and in the fact that the nation&#x2019;s communications infrastructure was alive and well. This is a line outside Digicel, the Tmobile of Haiti, a few weeks after the quake.
This was tremendously exciting for Samasource.
Believe it or not, twenty minutes before the earthquake, we had emailed an organization called 1,000 Jobs, in Mirebalais, Haiti to accept them into our work program. 1,000 Jobs is a program of Dr. Paul Farmer&#x2019;s organization, Partners in Health.
Given the crisis, we thought they&#x2019;d decline our offer. But a day after Port-au-Prince was leveled, we got a call from their director telling us that job creation is more important now than ever for the long-term rebuilding of Haiti. Tens of thousands of people have lost their homes and livelihoods and are flooding neighboring towns. We need to do a lot more than giving men fish; we need to give them the skills to catch their own.
Luckily, we got a call from Frontline SMS and Ushahidi asking us if we could help them meet a huge need for Haitian Creole speakers. In the wake of the crisis, a free phone number, 4636, was established to allow people on the ground to text their requests for medical care, food, water, and shelter from any cell phone and receive aid.
This system functions like a smart 911 service, and to give you an idea of how effective it is, one woman actually texted as she went into labor, and within 10 minutes had an aid worker by her side delivering her baby.
How Mission 4636-- a consortium of nonprofits, governmental organizations, and companies-- collaborated after the Haitian earthquake to provide emergency SMS translation to tens of thousands of people.
Here&#x2019;s a feed from the early days of the project showing the volume of texts coming in from different parts of the country. What was needed was an immediate solution to classify these texts in real time.
So Samasource partnered with the Mission 4636 team to plug a team of workers at 1,000 Jobs into a translation engine powered by one of our partners. This is the interface our workers see from Haiti.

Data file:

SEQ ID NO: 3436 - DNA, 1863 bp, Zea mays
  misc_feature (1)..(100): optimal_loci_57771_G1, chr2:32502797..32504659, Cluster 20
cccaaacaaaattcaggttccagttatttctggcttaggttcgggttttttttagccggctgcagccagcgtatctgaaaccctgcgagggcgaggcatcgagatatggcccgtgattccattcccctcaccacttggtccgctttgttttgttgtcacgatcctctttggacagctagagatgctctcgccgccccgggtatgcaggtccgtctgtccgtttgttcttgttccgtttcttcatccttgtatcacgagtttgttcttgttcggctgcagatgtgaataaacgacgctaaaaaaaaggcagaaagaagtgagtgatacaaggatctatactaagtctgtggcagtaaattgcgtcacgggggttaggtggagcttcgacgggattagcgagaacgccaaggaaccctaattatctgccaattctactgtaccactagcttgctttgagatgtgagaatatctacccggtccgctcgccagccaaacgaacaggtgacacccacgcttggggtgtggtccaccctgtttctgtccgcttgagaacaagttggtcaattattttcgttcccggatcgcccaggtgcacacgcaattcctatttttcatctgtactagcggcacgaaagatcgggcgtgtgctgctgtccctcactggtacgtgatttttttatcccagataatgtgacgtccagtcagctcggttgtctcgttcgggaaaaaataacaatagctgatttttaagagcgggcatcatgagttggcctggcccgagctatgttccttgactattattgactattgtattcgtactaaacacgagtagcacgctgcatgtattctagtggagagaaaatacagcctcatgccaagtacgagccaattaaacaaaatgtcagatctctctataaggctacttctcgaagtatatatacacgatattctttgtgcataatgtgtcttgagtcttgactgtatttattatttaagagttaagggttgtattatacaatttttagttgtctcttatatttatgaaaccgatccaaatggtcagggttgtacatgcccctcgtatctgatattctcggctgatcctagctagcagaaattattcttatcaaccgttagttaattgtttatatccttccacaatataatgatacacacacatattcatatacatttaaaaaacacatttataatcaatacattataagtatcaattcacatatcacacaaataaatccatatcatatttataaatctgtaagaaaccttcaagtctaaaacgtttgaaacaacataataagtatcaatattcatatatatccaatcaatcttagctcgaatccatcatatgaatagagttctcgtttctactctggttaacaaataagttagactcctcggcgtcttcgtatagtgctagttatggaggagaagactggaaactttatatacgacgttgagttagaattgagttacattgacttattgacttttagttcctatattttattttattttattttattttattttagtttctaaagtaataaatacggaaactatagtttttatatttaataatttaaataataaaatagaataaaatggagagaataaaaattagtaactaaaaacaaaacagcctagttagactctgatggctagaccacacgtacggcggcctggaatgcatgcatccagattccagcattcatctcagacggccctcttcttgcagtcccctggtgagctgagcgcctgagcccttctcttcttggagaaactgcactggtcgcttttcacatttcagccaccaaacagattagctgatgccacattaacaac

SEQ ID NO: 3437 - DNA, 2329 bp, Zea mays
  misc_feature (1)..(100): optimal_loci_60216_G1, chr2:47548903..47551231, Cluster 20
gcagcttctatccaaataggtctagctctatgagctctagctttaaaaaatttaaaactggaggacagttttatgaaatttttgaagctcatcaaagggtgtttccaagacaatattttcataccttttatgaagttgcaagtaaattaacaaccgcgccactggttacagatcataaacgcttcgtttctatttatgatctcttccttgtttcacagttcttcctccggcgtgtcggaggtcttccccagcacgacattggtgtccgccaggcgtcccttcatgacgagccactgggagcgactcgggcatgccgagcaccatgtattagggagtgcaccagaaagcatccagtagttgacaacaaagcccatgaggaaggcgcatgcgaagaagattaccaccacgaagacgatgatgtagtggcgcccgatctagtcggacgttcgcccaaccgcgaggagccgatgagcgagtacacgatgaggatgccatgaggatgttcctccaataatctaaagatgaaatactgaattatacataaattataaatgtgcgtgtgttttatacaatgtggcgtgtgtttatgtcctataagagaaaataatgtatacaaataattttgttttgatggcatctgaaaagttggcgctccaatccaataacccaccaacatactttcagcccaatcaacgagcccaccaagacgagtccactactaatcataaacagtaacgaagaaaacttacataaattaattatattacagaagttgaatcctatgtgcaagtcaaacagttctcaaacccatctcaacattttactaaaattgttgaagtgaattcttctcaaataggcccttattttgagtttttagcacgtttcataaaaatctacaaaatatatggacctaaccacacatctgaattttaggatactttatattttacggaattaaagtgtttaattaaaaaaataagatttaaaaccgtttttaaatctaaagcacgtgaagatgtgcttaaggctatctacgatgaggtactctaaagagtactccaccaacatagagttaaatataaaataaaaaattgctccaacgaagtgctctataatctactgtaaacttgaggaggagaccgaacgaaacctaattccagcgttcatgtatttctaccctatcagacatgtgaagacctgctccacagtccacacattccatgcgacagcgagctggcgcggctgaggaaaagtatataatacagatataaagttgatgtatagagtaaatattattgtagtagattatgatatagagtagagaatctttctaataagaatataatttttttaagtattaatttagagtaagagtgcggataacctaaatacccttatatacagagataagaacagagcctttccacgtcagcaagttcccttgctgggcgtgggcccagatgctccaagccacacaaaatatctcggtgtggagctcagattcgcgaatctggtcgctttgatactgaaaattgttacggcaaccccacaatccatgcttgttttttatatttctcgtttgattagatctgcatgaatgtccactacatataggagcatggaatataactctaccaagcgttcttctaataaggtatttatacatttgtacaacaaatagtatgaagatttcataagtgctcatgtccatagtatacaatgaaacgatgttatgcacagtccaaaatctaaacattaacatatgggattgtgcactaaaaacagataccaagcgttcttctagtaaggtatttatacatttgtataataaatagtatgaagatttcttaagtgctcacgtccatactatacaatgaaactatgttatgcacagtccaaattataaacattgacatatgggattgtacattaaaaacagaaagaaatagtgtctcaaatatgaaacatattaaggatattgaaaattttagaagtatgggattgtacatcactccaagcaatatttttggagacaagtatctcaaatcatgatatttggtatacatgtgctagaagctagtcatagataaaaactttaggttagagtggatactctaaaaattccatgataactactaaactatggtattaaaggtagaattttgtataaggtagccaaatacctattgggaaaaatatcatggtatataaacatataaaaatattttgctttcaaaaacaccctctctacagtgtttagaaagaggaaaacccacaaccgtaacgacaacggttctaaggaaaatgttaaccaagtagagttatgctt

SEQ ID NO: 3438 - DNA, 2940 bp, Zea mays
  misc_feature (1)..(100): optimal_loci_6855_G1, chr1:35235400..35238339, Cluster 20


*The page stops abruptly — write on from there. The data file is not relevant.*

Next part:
You can see a text message in Kreyol at the top, and instructions for the worker to translate and geotag it underneath.
We were lucky enough to receive funding from the state department to train the workers in our center and pay them to run these translations for the next six months, after which time we hope to receive other contracts from customers needing French and English translation and data services.
These are some photos from our training a few weeks back, which took place on a Sunday evening after these young people had waited all day to receive us.
Here&#x2019;s our local team leader on the project,
and here&#x2019;s me trying to teach people about CrowdFlower while the netbooks are being set up. At one point the power went out, and we were really touched to see that that didn&#x2019;t phase anyone -- they all calmly took out their cell phones and read by the light of those LCD screens.
What&#x2019;s so exciting about this project is that rather than paying an expatriate or an aid worker to do these translations, we are paying Haitians. And through our partnership with CrowdFlower, we plan to send a lot more work to Haiti after the SMS project dies down. This is the power of technology to fight poverty, both in real time, and in the long term.
I believe this project could scale quickly in other countries. Why not have an SMS-based alternative to 911 that provides employment to local people from rural communities while also addressing a critical need? The US State Department will get a total of $16.4 billion dollars in appropriations over the course of 2010. Let&#x2019;s make sure some of that goes towards projects like these.
Haiti’s population: 10M
% who can read and write % who live in poverty
53% 20% 80%
Person on the ground
Mission 4636 In Haiti Info
Emergency Response to the Outside Haiti Action
SMS Info by
phase 2: paid workers ICRC
platform SMS with Public
+ worker mobile # Aid